Briefly Noted

New Alberta Books

By Tadzio Richards

Arts that Flow as Stories from Our Landscape: Alberta

Edited by Jane Ross, Battle River Writing Centre, 2021

The latest anthology from the Battle River Writing Centre, a group of “collaborating writers… who live or have lived in the [central Alberta] region, or who come to the region for inspiration and fellowship,” this beautiful book of vivid paintings, poems and essays is a literary love letter to our province. As editor and contributor Jane Ross writes, “You hold in your hands an art-with-words book, for retracing intimate lost worlds. To read it you will need to think, feel and imagine. It deals with places little known to many… It is told in poems, reflections and stories [and] it is meant to be read silently by oneself, or alone and aloud to hear the words spoken, or aloud and listening in company with others.”

Prairie Girl Collective

by Madison N. Taylor, Natahna Bargen-Lema, Kayla McCutcheon and Danielle Richardson, Party Trick Press, 2020

An evocative e-book collection from a new digitally focused Alberta press, Prairie Girl Collective brings together the work of four poets from Alberta and Saskatchewan. Grouped around themes of girlhood, sisterhood, motherhood and womanhood, the collection features diverse perspectives and experiences spanning from youthful memories of growing up on the land to personal reckoning with past abusers. Lines in the opening poem, “Good Girl,” by Kayla McCutcheon, exemplify the whole: “I’m fierce and feisty,/ determined and hopeful,/ and full of the right amount/ of untamed rage.”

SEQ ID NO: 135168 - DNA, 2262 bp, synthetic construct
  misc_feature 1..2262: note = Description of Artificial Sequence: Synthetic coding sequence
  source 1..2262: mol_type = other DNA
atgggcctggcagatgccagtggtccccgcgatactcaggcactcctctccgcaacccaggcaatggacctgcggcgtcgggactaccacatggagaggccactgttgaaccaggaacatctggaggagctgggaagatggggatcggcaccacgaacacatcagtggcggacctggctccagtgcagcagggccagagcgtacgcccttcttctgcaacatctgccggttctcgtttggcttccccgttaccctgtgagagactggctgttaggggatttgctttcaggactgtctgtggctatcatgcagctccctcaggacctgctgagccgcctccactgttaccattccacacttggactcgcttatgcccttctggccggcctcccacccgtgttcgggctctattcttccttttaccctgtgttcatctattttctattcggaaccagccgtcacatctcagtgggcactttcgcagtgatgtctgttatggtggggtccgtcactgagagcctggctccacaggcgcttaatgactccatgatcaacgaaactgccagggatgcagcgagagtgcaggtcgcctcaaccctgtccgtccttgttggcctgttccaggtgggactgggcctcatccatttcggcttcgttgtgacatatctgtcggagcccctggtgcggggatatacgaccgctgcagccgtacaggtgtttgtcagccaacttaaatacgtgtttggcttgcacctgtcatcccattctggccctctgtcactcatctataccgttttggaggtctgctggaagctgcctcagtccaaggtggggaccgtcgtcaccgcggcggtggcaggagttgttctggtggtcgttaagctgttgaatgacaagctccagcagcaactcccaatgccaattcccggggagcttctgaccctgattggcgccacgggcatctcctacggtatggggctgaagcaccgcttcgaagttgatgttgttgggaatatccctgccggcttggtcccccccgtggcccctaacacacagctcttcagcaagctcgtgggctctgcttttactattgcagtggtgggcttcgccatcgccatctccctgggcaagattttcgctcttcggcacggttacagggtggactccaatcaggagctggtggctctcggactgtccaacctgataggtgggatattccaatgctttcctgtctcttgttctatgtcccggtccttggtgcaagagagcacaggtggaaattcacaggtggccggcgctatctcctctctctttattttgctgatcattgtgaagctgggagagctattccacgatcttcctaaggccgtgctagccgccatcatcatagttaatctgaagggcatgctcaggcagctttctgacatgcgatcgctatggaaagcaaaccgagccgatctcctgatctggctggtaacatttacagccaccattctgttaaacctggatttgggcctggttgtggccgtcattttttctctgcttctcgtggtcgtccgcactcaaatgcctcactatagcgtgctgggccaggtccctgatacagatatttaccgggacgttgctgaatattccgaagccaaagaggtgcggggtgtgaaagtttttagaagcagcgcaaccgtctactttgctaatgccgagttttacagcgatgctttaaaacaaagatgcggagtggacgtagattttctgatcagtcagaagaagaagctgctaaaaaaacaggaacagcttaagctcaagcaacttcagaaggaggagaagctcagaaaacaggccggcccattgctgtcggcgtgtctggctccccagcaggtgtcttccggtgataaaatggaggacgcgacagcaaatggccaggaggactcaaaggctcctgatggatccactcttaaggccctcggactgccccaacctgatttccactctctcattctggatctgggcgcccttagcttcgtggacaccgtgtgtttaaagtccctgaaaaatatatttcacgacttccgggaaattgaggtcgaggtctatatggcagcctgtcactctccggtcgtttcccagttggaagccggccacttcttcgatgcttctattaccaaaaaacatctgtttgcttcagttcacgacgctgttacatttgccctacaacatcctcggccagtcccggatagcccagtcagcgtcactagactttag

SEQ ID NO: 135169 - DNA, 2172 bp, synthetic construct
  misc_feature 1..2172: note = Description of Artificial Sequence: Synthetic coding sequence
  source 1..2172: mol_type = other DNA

The Call of the Red-Winged Blackbird

In The Call of the Red-Winged Blackbird, Tim Bowling offers his readers a deep and intimate conversation about contemporary existence, particularly mortality, loss and solitude. Though he wrote all but one of the essays before the pandemic, the book’s preoccupations make it a particularly timely read for the COVID era. The ...

Bucking Conservatism

My own social justice activism started in the 1980s. Movement work gave me a transformative education in many things, including the importance of documentation. These lessons came from feminists teaching women’s histories at their kitchen tables, and folks doing South African solidarity work who carefully mimeographed monthly newsletters. However small our ...

Ezra’s Ghosts

After the terror attacks on New York City and Washington D.C., we saw novels influenced by that tragedy. Darcy Tamayose’s latest book may not be arriving with the same fanfare as the 9/11-influenced works by DeLillo, Messud or Auster, but like those authors she successfully captures the intimate, felt experience of ...